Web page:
Would you like RFID’s with your burger?

Radio Frequency Identification (RFID) is becoming increasingly ubiquitous due to its advantages to allow physical goods to be tracked in a supply chain. This has enormous implications for manufacturers, shippers and resellers to wring out inefficiencies in the supply chain and thus reduce costs and increase product availability.

But what if this tracking extended to you?

By way the Institute of the Future comes this very good post that is at once exciting and at the same time deeply troubling…especially when it describes the Kodak patent for an edible RFID tag and the New Scientist sums that patent up thusly:

The tags would be covered with soft gelatin that takes a while to dissolve in the stomach. After swallowing a tag a patient need only sit next to a radio source and receiver.

They stop working when exposed to gastric acid for a specific period of time, providing a subtle way to monitor a patient’s digestive tract.

Kodak says that similar radio tags could also be embedded in an artificial knee or hip joint in such a way that they disintegrate as the joint does, warning of the need for more surgery. Attaching tags to ordinary pills could also help nurses confirm that a patient has really taken their medicine as ordered.

Great benefits for health matters…but just like the governmental justification for tightened security (the war on terror) or accelerating surveillance on the Internet (we’re combatting child porn…if you protest you must be FOR child porn, heh?) those of us with knowledge of the possible downsides, privacy and security implications of an ingestible tracking device — which will eventually be incredibly small — is indeed troubling.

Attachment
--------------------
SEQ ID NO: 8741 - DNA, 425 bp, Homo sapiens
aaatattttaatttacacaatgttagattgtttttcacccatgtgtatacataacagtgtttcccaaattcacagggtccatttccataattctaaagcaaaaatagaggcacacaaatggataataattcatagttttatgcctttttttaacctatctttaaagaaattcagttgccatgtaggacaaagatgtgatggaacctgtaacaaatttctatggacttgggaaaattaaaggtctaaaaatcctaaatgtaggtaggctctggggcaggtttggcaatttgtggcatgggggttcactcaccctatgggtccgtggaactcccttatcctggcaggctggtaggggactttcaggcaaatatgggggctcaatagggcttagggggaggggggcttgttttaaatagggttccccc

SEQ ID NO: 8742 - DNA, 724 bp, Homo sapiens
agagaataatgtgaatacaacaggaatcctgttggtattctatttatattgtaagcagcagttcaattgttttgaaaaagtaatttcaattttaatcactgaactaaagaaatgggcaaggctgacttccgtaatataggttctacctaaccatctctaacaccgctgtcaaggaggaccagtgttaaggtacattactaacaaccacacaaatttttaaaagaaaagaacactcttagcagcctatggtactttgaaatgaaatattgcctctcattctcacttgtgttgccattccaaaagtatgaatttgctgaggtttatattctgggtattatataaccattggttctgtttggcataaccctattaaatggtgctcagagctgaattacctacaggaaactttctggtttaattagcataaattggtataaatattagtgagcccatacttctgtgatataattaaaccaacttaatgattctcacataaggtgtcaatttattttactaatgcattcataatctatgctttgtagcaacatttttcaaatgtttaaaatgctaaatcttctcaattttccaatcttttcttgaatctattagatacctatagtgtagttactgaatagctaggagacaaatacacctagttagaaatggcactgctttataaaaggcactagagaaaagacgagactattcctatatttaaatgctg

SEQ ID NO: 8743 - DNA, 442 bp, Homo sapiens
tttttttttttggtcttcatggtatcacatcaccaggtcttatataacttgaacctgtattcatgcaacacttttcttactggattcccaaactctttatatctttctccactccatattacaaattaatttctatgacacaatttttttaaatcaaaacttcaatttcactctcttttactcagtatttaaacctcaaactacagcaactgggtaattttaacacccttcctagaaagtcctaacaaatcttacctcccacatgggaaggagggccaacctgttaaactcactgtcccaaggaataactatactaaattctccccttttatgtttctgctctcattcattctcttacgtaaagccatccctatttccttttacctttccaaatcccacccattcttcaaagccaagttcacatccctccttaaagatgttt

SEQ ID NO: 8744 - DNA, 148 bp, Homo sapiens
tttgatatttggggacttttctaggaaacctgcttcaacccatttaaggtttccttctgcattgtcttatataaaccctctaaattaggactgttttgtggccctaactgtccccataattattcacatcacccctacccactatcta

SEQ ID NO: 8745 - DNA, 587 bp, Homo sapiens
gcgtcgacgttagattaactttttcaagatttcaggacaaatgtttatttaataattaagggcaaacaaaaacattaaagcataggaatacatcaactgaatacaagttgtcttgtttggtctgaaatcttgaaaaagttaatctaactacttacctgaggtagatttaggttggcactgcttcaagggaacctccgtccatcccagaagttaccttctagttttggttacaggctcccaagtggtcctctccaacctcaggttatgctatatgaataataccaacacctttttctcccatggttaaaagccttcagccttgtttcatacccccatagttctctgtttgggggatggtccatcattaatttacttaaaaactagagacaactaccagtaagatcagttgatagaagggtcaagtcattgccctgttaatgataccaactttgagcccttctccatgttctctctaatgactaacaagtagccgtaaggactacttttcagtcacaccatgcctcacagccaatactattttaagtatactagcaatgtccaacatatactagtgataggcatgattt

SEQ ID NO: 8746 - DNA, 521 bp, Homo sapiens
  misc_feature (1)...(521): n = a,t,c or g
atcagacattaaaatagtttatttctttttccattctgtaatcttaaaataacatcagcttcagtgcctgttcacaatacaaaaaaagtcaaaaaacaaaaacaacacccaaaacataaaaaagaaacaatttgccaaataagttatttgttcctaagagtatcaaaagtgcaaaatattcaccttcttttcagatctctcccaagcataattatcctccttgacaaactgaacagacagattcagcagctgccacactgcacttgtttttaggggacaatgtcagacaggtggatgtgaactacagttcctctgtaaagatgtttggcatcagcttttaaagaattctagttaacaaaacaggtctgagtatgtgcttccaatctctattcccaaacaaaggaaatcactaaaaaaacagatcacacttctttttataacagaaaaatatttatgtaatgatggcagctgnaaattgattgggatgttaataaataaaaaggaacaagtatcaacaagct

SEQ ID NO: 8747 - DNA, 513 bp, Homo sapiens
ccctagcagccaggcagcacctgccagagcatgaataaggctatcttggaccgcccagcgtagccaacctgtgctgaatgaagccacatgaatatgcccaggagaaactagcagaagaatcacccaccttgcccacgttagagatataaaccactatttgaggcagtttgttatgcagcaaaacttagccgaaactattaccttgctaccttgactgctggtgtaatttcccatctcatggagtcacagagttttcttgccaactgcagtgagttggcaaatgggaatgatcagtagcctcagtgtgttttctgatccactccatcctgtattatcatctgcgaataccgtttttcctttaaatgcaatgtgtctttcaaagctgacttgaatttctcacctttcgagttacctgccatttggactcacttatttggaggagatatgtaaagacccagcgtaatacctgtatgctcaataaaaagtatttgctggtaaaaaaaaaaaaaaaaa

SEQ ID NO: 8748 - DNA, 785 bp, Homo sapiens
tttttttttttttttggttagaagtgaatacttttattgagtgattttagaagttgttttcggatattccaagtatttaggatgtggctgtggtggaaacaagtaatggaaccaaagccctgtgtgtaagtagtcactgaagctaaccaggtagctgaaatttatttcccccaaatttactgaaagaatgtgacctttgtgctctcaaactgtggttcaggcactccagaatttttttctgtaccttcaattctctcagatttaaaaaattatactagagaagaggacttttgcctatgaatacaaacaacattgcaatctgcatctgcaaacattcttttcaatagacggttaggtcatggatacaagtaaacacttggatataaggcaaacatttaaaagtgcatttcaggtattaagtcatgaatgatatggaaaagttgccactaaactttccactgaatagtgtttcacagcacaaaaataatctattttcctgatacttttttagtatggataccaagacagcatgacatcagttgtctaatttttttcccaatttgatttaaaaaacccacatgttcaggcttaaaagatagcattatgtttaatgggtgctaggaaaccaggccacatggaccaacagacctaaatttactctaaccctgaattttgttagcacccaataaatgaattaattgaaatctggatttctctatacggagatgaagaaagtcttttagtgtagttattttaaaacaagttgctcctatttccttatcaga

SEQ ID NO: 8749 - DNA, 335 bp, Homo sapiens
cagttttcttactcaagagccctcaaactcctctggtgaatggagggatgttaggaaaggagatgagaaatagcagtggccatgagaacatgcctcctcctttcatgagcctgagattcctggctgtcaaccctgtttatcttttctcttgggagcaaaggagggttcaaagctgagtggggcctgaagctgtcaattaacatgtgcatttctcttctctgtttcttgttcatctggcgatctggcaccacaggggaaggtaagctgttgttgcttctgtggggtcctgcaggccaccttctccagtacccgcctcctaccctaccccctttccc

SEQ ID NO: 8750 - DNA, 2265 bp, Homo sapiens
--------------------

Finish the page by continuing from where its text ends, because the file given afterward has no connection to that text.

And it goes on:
If you don’t think that tracking or even hacking an RFID tag — and probably even one ingested — is too tough and probably a non-issue, read this Wired article.

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About Steve Borsch

Strategist. Learner. Idea Guy. Salesman. Connector of Dots. Friend. Husband & Dad. CEO. Janitor. More here.

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Podcasting hit the mainstream in July of 2005 when Apple added podcast show support within iTunes. I'd seen this coming so started podcasting in May of 2005 and kept going until August of 2007. Unfortunately was never 'discovered' by national broadcasters, but made a delightfully large number of connections with people all over the world because of these shows. Click here to view the archive of my podcast posts.